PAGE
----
FOR IMMEDIATE RELEASE:
July 12, 1999
Attorney General J. Joseph Curran, Jr. announced today that a Baltimore City business has been fined $5,000 for illegally transferring medical waste in Lothian, Maryland. On Thursday, in Anne Arundel District Court, Rory J. Cooper, District Manager and Resident Agent of Stericycle, Inc., pleaded guilty on behalf of the corporation to removing a controlled hazardous substance from a place other than a controlled hazardous substance facility. Judge Paul A. Hackner fined the corporation $5,000, suspending all but $1,000, which he ordered to be paid to the Maryland Hazardous Substance Control Fund.
According to the Statement of Charges, on January 5, 1998, an employee of Stericycle, which operates a Special Medical Waste Transfer and Processing Facility at 2510 Erick Street in Baltimore, was observed illegally transferring medical waste into a semi-trailer parked at 1322 Mount Zion Marlboro Road in Lothian. The next day, the same Stericycle employee and Stericycle's Transportation Manager were observed transferring the contents of the semi-trailer, which was registered to C.D. Payne Trucking, back into a Stericycle truck. The contents were identified on manifests as special medical waste.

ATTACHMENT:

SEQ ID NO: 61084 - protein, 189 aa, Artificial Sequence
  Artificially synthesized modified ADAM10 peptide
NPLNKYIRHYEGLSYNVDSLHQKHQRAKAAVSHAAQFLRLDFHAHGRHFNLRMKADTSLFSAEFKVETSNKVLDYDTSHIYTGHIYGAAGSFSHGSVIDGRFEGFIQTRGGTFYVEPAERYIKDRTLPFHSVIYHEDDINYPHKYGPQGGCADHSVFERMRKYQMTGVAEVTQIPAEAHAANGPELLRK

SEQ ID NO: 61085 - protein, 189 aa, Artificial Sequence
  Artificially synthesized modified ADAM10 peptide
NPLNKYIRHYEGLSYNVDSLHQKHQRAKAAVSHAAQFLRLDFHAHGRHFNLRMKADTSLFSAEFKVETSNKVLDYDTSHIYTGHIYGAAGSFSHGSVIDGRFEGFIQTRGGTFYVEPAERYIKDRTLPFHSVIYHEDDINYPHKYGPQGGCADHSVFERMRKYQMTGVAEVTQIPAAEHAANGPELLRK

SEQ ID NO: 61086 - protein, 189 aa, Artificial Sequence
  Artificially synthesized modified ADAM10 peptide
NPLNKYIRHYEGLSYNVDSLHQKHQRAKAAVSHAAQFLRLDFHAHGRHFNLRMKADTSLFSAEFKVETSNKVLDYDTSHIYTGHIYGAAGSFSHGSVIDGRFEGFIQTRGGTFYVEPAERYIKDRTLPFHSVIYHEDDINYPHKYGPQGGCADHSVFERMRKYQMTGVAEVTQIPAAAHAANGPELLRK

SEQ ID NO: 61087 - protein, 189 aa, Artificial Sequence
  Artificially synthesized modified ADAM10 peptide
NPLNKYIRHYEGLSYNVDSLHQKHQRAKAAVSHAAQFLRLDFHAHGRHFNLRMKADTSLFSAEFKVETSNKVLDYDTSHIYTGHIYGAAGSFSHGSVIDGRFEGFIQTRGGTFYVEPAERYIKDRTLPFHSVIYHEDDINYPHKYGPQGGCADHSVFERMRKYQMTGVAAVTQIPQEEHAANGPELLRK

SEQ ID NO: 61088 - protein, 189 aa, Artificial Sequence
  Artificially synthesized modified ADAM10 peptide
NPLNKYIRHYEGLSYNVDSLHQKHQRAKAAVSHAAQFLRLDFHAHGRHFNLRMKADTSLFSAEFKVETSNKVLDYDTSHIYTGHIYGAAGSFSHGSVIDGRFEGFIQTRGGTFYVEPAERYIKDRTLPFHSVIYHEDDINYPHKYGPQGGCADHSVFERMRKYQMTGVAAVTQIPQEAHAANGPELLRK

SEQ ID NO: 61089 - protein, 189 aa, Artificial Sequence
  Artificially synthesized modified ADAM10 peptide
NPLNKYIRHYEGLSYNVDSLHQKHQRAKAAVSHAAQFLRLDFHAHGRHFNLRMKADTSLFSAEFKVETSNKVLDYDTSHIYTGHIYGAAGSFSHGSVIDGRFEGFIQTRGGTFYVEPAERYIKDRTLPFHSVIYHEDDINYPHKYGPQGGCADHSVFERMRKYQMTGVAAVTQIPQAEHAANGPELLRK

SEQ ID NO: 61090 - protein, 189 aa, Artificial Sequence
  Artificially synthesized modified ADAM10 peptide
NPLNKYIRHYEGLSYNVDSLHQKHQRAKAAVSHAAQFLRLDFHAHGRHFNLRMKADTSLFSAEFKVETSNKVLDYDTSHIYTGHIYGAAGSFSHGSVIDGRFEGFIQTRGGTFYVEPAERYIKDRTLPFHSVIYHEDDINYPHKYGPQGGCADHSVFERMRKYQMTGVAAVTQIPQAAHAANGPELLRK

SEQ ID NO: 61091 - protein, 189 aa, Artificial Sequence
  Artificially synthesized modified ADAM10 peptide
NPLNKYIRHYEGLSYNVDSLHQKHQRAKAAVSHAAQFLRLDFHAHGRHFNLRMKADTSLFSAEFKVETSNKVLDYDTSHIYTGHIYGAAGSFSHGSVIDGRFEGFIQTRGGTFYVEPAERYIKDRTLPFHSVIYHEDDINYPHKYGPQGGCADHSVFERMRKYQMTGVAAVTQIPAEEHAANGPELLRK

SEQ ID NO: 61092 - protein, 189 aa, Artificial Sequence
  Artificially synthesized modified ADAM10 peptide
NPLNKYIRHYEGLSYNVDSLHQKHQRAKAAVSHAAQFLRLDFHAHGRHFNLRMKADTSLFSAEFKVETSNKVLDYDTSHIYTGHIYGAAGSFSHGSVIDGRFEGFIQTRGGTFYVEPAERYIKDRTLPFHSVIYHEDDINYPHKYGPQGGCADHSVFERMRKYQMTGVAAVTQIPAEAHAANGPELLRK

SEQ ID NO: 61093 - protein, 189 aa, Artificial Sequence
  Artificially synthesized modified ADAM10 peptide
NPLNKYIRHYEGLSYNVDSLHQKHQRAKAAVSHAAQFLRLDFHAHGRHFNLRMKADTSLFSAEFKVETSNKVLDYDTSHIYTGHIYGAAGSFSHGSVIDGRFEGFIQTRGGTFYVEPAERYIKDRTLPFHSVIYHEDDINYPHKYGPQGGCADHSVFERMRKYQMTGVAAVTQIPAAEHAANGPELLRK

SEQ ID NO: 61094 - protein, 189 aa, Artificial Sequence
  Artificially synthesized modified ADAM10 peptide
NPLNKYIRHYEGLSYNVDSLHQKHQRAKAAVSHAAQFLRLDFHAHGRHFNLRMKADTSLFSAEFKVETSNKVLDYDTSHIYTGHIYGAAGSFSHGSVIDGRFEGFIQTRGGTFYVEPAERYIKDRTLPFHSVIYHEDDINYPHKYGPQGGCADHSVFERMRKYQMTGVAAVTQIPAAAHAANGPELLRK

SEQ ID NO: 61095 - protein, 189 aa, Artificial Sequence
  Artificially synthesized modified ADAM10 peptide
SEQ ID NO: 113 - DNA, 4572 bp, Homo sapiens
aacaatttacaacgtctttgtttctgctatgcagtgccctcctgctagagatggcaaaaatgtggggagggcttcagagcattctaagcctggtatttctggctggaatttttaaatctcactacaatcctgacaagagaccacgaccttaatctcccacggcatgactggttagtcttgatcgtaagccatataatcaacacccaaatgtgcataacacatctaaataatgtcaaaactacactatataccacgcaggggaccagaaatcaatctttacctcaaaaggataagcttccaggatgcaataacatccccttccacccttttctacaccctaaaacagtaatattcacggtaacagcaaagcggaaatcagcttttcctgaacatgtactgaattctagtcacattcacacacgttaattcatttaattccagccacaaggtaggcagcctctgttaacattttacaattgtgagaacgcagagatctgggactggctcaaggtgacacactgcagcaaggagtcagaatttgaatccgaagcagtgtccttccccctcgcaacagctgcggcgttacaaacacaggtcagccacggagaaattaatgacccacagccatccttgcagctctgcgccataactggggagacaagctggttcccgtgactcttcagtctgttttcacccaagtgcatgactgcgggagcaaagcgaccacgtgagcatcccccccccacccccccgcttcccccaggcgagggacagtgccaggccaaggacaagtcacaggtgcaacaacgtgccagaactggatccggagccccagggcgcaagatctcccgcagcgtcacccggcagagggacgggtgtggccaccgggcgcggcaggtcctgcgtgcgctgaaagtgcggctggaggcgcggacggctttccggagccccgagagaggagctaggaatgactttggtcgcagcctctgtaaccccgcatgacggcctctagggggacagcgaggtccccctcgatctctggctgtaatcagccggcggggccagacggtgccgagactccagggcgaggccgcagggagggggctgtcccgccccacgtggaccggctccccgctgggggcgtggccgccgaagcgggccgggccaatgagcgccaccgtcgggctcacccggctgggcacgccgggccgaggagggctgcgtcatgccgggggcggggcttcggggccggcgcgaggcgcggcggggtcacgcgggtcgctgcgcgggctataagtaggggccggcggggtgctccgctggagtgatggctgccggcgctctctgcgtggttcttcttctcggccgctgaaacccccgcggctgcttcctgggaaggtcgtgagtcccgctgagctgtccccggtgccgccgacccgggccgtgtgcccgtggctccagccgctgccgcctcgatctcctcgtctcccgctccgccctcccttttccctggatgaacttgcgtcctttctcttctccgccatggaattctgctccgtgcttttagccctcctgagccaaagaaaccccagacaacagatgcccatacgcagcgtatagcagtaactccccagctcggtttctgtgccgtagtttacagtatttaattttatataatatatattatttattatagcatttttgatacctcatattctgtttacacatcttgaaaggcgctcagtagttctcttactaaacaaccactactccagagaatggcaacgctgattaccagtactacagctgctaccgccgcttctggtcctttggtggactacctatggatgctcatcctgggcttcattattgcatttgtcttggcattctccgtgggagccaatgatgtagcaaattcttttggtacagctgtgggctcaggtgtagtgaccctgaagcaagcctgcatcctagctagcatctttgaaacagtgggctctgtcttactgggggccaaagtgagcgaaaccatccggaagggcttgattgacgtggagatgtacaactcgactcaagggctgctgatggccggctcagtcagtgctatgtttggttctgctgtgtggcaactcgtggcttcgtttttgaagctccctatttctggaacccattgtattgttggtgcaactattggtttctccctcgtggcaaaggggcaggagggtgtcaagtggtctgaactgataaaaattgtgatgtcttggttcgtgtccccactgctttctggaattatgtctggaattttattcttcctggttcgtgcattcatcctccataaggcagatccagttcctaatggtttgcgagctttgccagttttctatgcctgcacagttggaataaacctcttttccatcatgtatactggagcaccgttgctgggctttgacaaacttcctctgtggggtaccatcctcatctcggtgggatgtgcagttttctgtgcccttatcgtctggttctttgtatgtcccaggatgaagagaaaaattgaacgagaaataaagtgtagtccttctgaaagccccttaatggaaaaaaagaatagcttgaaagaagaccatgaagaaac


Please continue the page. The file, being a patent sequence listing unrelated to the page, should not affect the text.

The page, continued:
According to records maintained by the Maryland Department of the Environment (MDE), the Lothian property is not permitted by MDE as a Controlled Hazardous Substance Facility. Furthermore, both Stericycle employees admitted to investigators that they never contacted MDE concerning an emergency off-site transfer, which is required by Maryland law.
"Transferring medical waste is a serious public health issue," said Attorney General Curran. "We can't afford to have businesses cutting corners by circumventing regulations designed to protect the public."
This case was investigated by the Attorney General's Environmental Crimes Unit and the Maryland State Police.